As impressive as Jamel Herring looked against Carl Frampton, Shakur Stevenson considers his technical-knockout victory more reflective of Frampton than Herring.

Herring retained his WBO junior lightweight title by stopping Frampton in the sixth round April 3 at Caesars Bluewaters Dubai. The 35-year-old southpaw dropped Frampton twice, once in the fifth round and again in the sixth round, during that scheduled 12-round, 130-pound championship match before it was stopped.

Herring (23-2, 11 KOs) will make his next title defense versus Stevenson (16-0, 8 KOs), the mandatory challenger for his championship.

“I thought it was a great performance against Frampton,” Stevenson told “But at the end of the day, they both the same age, Frampton past his prime, and Frampton is like a 118-pounder, not a 130-pounder. He’s coming from lower weight classes and Jamel is a big 130. He been at 130 for a while now. He fought at 141 in the Olympics, so I think size played a huge part in that fight. I already knew Jamel was gonna win because Frampton’s not big enough, not strong enough and was at the end of his career. I give him a good grade for the performance, but it’s not too credible to me.”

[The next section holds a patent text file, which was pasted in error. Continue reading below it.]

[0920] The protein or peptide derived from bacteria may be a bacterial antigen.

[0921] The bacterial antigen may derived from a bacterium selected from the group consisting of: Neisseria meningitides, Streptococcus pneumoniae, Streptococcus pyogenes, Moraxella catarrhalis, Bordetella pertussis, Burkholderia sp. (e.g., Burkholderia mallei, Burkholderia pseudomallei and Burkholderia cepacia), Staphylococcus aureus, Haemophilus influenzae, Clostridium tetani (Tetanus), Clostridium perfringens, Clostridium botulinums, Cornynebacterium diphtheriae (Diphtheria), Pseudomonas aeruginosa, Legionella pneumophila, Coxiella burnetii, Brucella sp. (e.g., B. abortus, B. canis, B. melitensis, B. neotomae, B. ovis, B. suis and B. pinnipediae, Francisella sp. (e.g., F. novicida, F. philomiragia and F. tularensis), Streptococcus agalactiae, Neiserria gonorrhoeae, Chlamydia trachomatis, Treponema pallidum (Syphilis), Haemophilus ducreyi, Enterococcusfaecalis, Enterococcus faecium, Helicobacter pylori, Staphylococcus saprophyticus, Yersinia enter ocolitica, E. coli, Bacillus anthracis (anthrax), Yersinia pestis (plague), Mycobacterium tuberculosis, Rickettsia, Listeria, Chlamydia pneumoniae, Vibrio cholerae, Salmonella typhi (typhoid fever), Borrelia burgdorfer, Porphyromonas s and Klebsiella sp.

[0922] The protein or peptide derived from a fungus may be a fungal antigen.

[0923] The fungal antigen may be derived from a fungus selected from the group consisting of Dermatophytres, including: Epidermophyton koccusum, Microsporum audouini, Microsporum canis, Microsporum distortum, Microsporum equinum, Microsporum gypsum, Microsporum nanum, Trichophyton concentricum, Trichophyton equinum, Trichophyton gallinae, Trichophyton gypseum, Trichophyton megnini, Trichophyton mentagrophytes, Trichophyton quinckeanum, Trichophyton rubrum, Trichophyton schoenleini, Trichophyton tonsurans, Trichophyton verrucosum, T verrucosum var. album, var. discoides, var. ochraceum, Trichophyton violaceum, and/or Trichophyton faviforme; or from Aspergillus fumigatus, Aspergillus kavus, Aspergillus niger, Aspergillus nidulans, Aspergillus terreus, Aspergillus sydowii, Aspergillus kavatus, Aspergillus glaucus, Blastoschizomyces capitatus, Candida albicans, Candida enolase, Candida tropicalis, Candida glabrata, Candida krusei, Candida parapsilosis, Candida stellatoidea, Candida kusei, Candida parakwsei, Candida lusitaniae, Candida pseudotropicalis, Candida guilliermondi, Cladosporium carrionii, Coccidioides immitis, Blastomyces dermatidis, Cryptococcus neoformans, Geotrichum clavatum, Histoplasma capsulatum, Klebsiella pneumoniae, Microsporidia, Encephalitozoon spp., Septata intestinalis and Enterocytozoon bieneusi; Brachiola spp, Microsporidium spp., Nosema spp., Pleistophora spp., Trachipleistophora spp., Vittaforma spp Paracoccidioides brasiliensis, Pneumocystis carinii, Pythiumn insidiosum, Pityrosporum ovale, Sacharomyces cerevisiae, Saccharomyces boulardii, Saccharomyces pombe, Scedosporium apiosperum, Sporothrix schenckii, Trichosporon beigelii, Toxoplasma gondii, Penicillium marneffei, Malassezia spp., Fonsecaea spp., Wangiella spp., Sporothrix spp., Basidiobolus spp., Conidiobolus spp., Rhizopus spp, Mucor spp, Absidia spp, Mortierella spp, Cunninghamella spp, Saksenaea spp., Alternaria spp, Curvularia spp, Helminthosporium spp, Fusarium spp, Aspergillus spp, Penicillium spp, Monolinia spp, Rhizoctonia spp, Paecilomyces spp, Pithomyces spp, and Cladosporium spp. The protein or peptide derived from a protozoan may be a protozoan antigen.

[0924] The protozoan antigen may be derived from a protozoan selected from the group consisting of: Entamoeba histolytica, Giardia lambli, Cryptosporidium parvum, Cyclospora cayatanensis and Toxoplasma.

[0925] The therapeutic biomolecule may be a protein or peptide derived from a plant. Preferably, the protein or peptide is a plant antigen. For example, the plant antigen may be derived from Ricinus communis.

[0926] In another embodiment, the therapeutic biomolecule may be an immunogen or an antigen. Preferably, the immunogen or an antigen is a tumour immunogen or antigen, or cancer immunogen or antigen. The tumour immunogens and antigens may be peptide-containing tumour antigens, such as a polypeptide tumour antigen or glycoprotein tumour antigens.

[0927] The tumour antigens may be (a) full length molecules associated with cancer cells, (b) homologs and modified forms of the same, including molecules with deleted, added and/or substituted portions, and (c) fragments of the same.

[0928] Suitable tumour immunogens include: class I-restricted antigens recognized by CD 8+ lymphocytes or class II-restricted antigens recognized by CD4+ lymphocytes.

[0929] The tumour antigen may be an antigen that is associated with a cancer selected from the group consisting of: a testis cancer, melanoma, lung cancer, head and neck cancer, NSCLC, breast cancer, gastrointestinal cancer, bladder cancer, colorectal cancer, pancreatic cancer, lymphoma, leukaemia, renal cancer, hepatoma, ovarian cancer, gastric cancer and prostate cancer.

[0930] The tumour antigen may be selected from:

Frampton, 34, announced his retirement immediately after Herring beat him. The Northern Irishman held the IBF and WBA titles in the 122-pound division and the WBA “super” championship at the 126-pound limit before he moved up to the junior lightweight division.

Stevenson believes Herring was forced into facing him. Herring recognizes, according to Stevenson, that he’ll present a much more difficult challenge than Frampton (28-3, 16 KOs).

Cincinnati’s Herring told following his defeat of Frampton that he would’ve preferred to battle WBC champ Oscar Valdez (29-0, 23 KOs) in a title unification clash over Stevenson. The WBO has enforced Herring’s mandatory obligation, however, thus he’ll fight Stevenson sometime in the fall.

“I think that, at the end of the day, he really don’t have a choice,” Stevenson said. “It’s either vacate your belt or fight me, and it’s like nobody just gonna wanna vacate they belt and fight for a whole other title somewhere else or go fight Valdez without a belt. Valdez probably ain’t even interested in him if he do try to get a fight with Valdez without that belt. So, I don’t think, at the end of the day, he had too much of a choice.”

The 23-year-old Stevenson defeated Jeremiah Nakathila by unanimous decision in a 12-rounder ESPN aired earlier this month from The Theater at Virgin Hotels Las Vegas. Stevenson won the WBO interim junior lightweight title by beating Namibia’s Nakathila (21-2, 17 KOs).

Keith Idec is a senior writer/columnist for He can be reached on Twitter @Idecboxing.